Sen. Marco Rubio recently touched a land mine in America's culture wars: evolution, creation and the age of the Earth. When GQ magazine asked him how old the planet is, Mr. Rubio's winding response never directly answered the question. Instead, he noted his lack of scientific qualifications ("I'm not a scientist, man"), posited a need to teach the "multiple theories out there on how the universe was created," and settled into the platitude that the Earth's age is an unsolvable "mystery."
Predictably, his response made headlines.
In keeping with Democratic talking points, the answer was framed as
part of the Republican "war on science." His response also highlighted a
divide between evangelical conservatives and the rest of the Republican
Party at a time, in the aftermath of a disappointing election, when the
two sides were already eyeing each other warily. Mr. Rubio's answer
enabled his critics to cast one of the Republicans' fastest rising stars
as an ignorant religious nut. It also provided an opportunity for those
hostile to Christians to lampoon them for trusting their sacred text
more than science.
conservatives, it is tempting to write off the Rubio episode as one more
example of biased media coverage and anti-Christian bigotry. But such a
dismissal would be a mistake. Better to regard the controversy as an
opportunity for introspection.
As a Christian and career scientist, I
see the episode as an opportunity for both Republicans and evangelicals
to establish a more coherent policy on evolution, creation and science,
for two reasons.
First, the age of the Earth and the
rejection of evolution aren't core Christian beliefs. Neither appears in
the Nicene or Apostle's Creed. Nor did Jesus teach them. Historical
Christianity has not focused on how God created the universe, but on how
God saves humanity through Jesus' death and resurrection.
Currently, a debate is unfolding in
theological seminaries and conferences about the correct interpretation
of the Bible's Genesis account of creation. Echoing thinkers like St.
Augustine, C.S. Lewis, Mark Noll and Pope John Paul II, many of the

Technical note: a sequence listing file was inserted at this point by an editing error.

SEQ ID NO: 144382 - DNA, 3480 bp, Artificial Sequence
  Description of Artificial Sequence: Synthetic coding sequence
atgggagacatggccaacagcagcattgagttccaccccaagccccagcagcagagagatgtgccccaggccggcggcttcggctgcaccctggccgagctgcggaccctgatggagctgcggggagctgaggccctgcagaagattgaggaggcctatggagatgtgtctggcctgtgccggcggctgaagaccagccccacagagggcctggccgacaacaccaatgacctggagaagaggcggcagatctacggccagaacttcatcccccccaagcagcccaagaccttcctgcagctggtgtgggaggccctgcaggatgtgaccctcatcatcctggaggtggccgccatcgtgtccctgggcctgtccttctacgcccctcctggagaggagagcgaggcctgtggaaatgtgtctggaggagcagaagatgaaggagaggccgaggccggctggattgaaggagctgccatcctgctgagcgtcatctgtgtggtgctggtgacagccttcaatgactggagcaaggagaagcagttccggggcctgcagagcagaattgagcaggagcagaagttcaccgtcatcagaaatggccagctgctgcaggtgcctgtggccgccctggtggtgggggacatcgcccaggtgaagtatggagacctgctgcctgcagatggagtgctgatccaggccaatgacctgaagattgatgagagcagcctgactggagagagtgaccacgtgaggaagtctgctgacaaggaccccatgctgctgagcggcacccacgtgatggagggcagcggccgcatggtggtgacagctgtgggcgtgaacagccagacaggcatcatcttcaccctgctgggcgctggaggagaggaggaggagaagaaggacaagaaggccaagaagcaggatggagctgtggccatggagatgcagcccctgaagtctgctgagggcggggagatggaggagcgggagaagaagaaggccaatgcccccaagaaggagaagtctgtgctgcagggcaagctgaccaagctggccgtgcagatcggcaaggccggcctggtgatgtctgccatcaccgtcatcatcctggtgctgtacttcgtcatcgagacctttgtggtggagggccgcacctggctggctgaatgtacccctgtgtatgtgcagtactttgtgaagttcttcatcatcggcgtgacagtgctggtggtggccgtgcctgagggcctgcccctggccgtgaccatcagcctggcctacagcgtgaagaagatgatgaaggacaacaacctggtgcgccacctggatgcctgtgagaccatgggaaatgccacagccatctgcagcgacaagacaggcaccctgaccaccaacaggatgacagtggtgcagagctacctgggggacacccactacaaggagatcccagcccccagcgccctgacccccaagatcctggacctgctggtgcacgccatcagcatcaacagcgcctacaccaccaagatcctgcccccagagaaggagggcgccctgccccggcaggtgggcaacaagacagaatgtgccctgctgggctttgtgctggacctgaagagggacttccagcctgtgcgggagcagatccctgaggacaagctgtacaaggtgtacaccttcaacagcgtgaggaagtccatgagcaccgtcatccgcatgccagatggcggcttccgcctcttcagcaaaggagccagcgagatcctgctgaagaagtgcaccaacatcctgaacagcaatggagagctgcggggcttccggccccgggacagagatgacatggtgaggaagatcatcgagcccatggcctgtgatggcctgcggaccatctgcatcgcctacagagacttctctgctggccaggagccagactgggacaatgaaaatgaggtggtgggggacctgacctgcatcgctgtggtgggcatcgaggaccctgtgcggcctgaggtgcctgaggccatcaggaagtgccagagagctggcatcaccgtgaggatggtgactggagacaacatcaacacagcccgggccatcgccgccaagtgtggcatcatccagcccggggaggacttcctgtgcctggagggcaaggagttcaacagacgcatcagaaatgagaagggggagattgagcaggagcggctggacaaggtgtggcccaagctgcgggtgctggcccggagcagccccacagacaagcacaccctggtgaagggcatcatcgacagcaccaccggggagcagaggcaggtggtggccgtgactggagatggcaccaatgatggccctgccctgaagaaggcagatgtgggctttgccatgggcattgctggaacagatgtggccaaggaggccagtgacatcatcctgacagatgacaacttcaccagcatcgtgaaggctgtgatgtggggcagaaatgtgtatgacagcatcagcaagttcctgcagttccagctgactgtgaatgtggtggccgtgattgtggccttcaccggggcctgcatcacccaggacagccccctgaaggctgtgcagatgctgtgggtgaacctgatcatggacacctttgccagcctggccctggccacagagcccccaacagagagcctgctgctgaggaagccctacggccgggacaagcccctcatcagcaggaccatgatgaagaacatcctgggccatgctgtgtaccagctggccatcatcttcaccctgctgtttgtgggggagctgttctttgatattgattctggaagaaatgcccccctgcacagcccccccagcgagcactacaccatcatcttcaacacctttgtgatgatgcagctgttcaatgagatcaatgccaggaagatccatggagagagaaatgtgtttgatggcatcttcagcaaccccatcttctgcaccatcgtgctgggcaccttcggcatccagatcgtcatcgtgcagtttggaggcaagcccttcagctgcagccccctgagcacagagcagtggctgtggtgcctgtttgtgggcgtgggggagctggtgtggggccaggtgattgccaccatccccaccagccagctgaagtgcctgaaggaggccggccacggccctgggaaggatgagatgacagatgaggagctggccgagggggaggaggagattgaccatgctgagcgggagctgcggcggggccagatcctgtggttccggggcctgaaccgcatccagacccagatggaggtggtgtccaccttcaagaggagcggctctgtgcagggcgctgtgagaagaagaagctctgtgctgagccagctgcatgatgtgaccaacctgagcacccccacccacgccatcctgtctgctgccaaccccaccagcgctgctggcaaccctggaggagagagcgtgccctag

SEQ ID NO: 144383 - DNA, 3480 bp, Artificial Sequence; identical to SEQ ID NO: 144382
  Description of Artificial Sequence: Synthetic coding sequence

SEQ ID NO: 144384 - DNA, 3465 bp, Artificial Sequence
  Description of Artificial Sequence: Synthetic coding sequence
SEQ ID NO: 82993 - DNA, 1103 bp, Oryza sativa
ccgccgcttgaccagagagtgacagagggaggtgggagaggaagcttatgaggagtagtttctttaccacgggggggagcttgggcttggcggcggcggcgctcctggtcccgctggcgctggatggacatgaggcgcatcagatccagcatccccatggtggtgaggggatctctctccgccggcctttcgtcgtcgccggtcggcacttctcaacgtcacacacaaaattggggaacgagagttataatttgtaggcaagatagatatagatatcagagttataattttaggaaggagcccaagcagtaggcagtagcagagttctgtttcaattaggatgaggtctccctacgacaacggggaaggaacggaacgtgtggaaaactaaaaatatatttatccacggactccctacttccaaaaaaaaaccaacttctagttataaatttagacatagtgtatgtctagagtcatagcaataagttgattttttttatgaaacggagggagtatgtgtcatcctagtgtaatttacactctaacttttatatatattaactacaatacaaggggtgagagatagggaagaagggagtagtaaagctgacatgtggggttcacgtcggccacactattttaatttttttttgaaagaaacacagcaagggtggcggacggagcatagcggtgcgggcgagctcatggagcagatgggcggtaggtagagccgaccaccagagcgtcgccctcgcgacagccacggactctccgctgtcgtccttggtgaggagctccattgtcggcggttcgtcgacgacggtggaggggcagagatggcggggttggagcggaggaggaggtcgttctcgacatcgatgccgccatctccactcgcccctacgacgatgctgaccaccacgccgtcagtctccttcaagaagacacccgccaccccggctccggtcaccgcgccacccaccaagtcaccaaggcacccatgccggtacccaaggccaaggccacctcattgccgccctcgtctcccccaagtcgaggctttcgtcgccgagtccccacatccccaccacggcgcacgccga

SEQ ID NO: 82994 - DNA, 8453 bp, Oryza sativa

conservative theologians in the debate believe that a serious reading of
Genesis can be compatible with the scientific account of our origins.
Joining the dialogue are evangelicals
who are also scientists—and with them comes a trend toward recognizing a
"theistic" evolution: the role of God in creating us through an
evolutionary process on a very old Earth.
The second reason that Republicans,
including evangelicals, need to come up with a more coherent stance
regarding the "age of the Earth" question—which journalists will always
be happy to ask—is that there is simply no controversy in the scientific
world about the age of the Earth or evolution. Evidence points to a
The evidence for evolution is just as
strong. In the past, evolution rested on ambiguous fossil evidence, but
now it rests on much clearer DNA evidence that increases exponentially
every month. Fully appreciating this evidence takes a lot of time,
reading and patience. And it is not appropriate to "teach the
controversy" in science class because there is no ongoing debate in the
scientific community comparable to the theological debate.
The evolution debate is not a scientific
controversy, but a theological controversy about a non-central
Christian doctrine. In terms of policy, neither evangelicals nor
Republicans should expect secular schools to litigate doctrinal
controversies in science classrooms. And Christians who try to push
their view of creation through political coercion are misrepresenting
their faith. The "good news" is how God saves us. Not how he created us.
And it is through persuasion rather than force that he brings us to
knowledge of Jesus.
Republicans have a clear path through
the minefield of how-old-is-the-Earth gotcha questions. Let's leave
science curriculums to scientists.
As for Democrats: Please ditch the "war
on science" talking point. It only pushes Americans apart, into their
respective corners. In the two-party system, both sides need to be able
to freely embrace science as a cultural common ground.
Dr. Swamidass is a professor in the Laboratory and
Genomic Medicine Division at Washington University in St. Louis.
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